Russell’s Teapot (repost from 2006)

From Wikipedia, the free encyclopedia
Russell’s teapot was an analogy first coined by the philosopher Bertrand Russell, to refute the idea that the onus lies somehow upon the sceptic to disprove the unfalsifiable claims of religion. In an article entitled Is There a God?, commissioned (but never published) by Illustrated magazine in 1952, Russell said the following:

If I were to suggest that between the Earth and Mars there is a china teapot revolving about the sun in an elliptical orbit, nobody would be able to disprove my assertion provided I were careful to add that the teapot is too small to be revealed even by our most powerful telescopes. But if I were to go on to say that, since my assertion cannot be disproved, it is intolerable presumption on the part of human reason to doubt it, I should rightly be thought to be talking nonsense. If, however, the existence of such a teapot were affirmed in ancient books, taught as the sacred truth every Sunday, and instilled into the minds of children at school, hesitation to believe in its existence would become a mark of eccentricity and entitle the doubter to the attentions of the psychiatrist in an enlightened age or of the Inquisitor in an earlier time.

In his book A Devil’s Chaplain, Richard Dawkins developed the teapot theme a little further:

The reason organized religion merits outright hostility is that, unlike belief in Russell’s teapot, religion is powerful, influential, tax-exempt and systematically passed on to children too young to defend themselves. Children are not compelled to spend their formative years memorizing loony books about teapots. Government-subsidized schools don’t exclude children whose parents prefer the wrong shape of teapot. Teapot-believers don’t stone teapot-unbelievers, teapot-apostates, teapot-heretics and teapot-blasphemers to death. Mothers don’t warn their sons off marrying teapot-shiksas whose parents believe in three teapots rather than one. People who put the milk in first don’t kneecap those who put the tea in first.

Similar concepts to Russell’s teapot are the Invisible Pink Unicorn and the Flying Spaghetti Monster.

See also

11 thoughts on “Russell’s Teapot (repost from 2006)

  1. Teapots, spaghetti monsters, etc are all used to remind us that imagined, unseen, unseeable entities are imagined. But are they not all guilty of faulty analogy? They all seem to depend on:
    God is like a teapot, like a spaghetti monster etc.

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  2. Well, belief in a God as an entity rather than a representation is fundamentally irrational. Therefore, an appropriate metaphor must also be equally ‘out there’. The fault, as I see it, isn’t so much a faulty analogy (after all, it’s a tough argument to rationally determine if the analogy is a proper comparison to something irrational) as it is unfair; what if the belief is based on God as a representation? Now the analogies fall well short of describing and criticizing the potential values or shortcomings of such beliefs in human affairs.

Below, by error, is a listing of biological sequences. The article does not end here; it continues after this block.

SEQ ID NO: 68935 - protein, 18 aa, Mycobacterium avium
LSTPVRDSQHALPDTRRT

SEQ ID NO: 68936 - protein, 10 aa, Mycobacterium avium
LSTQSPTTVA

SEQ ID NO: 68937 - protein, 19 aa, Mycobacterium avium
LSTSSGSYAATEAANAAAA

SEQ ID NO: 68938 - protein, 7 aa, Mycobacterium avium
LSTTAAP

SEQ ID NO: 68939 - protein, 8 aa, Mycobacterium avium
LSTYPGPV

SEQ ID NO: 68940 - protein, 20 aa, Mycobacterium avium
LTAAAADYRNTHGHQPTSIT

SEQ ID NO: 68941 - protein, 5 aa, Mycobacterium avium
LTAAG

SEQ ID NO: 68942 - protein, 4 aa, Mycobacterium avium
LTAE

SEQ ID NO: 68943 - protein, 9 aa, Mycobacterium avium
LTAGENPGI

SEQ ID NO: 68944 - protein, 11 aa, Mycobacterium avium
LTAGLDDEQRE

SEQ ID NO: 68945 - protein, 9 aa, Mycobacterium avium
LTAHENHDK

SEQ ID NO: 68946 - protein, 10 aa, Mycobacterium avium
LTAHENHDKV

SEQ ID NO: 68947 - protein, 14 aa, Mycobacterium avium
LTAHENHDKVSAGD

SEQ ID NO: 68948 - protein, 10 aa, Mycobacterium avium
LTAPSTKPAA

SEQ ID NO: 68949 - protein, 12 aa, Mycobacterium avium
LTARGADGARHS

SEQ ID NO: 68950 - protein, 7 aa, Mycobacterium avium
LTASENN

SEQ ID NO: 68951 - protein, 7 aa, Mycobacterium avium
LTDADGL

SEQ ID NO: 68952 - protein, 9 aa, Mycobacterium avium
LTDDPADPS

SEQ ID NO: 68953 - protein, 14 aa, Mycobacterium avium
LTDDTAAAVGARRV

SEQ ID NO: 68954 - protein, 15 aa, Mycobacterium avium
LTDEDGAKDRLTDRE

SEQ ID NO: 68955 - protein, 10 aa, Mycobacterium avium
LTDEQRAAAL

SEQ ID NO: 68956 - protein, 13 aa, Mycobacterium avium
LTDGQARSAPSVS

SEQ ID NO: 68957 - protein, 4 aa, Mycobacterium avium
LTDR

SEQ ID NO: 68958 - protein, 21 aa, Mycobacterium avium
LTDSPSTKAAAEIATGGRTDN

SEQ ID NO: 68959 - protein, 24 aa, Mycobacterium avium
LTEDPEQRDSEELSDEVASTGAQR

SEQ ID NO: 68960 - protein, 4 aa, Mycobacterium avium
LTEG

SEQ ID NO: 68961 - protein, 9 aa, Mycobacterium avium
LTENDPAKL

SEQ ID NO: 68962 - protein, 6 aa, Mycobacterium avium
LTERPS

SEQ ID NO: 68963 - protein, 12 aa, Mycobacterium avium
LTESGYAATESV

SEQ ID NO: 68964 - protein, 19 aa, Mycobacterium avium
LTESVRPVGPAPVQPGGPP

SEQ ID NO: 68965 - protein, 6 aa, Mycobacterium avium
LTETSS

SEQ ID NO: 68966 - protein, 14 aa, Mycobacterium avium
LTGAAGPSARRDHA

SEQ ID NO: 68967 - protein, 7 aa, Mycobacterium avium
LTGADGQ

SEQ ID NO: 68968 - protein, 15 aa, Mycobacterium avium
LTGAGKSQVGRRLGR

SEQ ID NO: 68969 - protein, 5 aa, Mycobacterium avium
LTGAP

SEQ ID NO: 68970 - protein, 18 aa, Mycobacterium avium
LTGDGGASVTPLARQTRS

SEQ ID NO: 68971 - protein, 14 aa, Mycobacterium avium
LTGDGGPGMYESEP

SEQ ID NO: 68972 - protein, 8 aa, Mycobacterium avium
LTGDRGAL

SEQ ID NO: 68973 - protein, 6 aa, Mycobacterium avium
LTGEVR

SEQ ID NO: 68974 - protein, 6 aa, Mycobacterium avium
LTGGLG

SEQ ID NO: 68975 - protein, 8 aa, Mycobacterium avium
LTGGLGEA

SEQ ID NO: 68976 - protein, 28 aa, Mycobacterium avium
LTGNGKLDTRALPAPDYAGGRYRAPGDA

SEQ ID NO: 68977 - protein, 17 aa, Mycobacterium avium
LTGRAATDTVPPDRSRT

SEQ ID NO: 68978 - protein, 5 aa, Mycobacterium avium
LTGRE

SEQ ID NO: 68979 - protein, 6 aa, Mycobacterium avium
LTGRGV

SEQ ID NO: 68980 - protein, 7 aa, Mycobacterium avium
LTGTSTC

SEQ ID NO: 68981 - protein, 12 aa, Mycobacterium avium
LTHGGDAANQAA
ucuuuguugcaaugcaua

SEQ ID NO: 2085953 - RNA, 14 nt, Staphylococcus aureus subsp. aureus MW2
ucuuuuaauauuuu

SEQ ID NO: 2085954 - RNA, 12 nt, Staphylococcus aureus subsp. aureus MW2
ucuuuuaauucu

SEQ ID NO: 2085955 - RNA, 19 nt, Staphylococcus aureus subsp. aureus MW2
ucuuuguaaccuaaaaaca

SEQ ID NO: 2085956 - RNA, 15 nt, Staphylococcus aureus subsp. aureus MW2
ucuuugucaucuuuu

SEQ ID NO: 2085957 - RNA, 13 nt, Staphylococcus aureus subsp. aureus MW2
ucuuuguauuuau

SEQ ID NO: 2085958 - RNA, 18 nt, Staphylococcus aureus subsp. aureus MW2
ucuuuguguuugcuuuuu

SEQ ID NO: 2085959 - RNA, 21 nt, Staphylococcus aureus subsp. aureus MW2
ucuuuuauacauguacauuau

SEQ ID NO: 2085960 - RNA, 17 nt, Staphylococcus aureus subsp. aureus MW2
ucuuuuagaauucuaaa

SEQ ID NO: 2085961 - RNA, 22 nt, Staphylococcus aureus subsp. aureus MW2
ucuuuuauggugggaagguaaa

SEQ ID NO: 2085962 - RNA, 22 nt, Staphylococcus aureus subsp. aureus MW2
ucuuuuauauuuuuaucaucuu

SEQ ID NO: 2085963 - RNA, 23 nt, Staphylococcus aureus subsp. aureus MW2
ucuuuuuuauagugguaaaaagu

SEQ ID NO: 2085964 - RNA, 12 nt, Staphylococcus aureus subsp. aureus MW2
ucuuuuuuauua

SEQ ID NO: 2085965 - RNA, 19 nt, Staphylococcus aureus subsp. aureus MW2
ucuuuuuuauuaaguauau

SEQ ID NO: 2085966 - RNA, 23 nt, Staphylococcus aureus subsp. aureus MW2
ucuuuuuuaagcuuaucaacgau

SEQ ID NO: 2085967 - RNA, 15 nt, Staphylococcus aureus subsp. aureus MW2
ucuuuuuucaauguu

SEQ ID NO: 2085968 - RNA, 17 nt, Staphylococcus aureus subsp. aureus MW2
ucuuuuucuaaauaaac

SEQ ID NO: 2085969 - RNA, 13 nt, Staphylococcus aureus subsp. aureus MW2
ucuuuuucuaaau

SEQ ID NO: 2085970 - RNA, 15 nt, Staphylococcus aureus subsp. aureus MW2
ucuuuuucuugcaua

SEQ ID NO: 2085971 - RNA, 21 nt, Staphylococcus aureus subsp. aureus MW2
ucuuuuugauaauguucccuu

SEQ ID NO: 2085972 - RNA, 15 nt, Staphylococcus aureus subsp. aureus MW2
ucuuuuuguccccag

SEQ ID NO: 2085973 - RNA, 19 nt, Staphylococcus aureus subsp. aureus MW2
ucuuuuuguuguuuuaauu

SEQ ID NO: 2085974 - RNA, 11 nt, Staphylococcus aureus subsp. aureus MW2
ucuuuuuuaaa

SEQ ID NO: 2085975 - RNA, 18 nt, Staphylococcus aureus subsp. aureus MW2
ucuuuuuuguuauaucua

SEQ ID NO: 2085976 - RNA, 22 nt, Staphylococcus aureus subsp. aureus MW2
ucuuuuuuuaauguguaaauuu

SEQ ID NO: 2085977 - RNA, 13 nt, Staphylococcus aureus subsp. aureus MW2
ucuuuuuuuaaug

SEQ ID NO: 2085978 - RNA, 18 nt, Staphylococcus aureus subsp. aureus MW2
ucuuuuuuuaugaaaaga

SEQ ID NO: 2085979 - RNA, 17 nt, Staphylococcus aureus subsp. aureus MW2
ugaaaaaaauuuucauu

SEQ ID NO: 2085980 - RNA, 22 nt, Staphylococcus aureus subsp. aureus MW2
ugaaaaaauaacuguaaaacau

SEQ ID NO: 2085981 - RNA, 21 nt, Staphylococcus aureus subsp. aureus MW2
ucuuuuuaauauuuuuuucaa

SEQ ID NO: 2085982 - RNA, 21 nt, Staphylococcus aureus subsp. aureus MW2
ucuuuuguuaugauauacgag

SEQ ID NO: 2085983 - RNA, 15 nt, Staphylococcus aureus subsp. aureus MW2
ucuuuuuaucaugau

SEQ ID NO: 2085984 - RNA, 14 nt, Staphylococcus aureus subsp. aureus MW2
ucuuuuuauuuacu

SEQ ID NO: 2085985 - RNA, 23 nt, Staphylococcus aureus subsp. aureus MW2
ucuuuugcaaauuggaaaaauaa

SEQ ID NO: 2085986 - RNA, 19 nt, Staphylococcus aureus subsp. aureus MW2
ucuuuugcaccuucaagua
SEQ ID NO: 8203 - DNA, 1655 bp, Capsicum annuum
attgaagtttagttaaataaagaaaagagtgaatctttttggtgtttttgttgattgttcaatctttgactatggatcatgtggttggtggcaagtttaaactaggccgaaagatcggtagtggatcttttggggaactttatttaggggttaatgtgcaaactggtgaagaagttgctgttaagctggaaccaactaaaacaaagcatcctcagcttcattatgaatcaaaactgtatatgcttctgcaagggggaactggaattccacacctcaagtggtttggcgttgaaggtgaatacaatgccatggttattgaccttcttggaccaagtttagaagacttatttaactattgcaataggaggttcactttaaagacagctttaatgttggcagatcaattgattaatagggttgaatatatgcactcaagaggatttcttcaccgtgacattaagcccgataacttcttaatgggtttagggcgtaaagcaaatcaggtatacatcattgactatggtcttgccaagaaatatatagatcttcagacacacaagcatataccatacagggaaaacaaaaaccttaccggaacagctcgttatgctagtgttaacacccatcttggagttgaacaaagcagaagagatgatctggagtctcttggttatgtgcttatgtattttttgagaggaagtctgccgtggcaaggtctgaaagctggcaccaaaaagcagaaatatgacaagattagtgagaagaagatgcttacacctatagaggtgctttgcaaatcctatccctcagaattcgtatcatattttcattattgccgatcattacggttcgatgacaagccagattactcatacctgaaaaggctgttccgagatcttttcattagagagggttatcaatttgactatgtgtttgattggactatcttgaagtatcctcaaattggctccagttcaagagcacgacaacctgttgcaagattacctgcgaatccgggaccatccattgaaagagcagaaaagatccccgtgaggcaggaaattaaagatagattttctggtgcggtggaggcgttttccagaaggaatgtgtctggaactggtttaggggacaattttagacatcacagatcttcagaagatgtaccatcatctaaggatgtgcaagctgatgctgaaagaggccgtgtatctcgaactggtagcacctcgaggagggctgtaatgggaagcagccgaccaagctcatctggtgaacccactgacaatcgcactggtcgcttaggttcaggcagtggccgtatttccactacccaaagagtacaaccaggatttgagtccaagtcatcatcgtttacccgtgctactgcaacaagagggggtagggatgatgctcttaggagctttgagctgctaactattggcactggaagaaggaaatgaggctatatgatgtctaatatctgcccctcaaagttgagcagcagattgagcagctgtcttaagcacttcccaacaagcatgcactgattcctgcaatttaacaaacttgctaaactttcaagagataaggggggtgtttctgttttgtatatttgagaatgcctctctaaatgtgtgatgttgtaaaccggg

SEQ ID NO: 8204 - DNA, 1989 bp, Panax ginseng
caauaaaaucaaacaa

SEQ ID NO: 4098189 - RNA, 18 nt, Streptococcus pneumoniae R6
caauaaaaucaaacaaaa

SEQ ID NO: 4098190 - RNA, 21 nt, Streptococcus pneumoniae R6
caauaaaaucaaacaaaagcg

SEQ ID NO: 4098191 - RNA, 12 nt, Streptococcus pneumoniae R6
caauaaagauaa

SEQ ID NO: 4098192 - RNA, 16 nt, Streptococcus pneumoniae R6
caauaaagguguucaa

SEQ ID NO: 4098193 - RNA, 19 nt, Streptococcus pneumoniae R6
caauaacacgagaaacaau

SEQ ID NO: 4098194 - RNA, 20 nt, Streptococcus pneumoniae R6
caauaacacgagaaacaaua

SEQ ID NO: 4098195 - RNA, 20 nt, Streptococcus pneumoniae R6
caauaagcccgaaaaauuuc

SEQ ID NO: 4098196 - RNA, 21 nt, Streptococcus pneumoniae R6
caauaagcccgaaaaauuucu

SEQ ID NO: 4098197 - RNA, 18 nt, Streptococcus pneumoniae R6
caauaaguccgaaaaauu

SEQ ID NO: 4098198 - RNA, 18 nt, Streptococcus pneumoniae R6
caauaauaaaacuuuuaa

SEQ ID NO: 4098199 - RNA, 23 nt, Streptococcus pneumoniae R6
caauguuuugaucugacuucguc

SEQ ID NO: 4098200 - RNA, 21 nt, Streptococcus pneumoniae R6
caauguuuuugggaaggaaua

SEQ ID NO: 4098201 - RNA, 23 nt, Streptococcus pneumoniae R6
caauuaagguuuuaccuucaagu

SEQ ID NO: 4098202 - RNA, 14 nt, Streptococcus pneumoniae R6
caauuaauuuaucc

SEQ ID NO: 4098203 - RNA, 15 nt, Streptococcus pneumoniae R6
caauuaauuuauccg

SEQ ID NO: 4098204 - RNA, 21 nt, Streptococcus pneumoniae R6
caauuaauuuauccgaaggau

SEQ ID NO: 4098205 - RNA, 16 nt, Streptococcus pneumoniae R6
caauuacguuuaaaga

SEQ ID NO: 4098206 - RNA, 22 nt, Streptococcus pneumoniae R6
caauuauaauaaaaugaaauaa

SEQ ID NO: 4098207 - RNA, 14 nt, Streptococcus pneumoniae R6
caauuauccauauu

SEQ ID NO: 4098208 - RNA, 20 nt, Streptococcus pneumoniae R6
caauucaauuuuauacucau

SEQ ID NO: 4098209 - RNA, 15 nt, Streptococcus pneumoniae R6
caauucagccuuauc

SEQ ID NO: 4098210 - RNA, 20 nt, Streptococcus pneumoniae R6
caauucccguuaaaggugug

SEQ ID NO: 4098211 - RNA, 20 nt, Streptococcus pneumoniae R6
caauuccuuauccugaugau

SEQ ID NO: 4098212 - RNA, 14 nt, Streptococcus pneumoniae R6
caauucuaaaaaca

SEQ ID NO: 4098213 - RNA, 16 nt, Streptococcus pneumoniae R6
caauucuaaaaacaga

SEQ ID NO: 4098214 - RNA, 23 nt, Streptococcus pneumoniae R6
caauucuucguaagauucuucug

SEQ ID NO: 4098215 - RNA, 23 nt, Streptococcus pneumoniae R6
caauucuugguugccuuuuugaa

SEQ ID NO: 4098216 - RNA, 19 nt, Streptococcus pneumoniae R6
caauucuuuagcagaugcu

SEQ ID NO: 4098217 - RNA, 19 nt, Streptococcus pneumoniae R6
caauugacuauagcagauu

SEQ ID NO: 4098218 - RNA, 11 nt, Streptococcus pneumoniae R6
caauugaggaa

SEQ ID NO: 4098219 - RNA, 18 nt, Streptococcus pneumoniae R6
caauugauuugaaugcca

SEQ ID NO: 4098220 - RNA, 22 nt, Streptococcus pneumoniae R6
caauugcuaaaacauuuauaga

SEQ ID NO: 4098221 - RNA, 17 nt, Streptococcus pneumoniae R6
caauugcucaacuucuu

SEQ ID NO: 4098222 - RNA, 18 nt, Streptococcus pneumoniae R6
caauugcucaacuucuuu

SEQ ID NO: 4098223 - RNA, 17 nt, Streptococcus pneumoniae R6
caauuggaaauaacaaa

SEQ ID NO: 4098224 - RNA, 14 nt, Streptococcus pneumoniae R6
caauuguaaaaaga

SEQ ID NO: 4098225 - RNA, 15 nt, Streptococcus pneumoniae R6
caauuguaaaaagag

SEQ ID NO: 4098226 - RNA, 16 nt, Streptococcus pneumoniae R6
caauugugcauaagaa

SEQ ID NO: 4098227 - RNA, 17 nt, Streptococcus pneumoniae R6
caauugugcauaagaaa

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  3. As much as I’d prefer not to, I agree that they are faulty analogies. For starters, the teapot seems to me to be more of a concrete image than God. Furthermore, I don’t see anything analogous to the religious experience.

    The spaghetti monster seems self-evidently absurd and in effect all point.

    I think there is an acceptance among believers that they won’t necessarily see God but rather experience Him. That in itself seems to satisfy and transcend the mere need for a point.

    Whether or not the religious experience can be explained phenomenologically, it seems to describe something about being human.

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  4. ~B said…
    Maybe I’m a bit denser than usual this am but what does uqgdnjlf mean?

    I was hoping that Perlo typed his word verification in the comment field by accident because I didn’t get that either.

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  5. Faulty Analogy occurs when an analogy is proposed which either contains false comparisons, or leaves out important differences that make the analogy weak.
    A is like B.
    B has property P.
    Therefore, A has property P.
    (Where the analogy between A and B is weak.)
    I do not think the arguments are guilty of Faulty Analogy because they are epistemological arguments and not ontological arguments. That is, they are about how we come to know and not about what exists.

    And as I always say: uqgdnjlf!

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  6. This is so close to what I experience here so often: If someone asks me whether I believe in God and I answer no, the immediate question is ‘why not’? It does not seem natural. The strategy is to ask back: why do you? In any case, I think it is always good to ask oneself why not, just because this idea of God is ever-present, so human.

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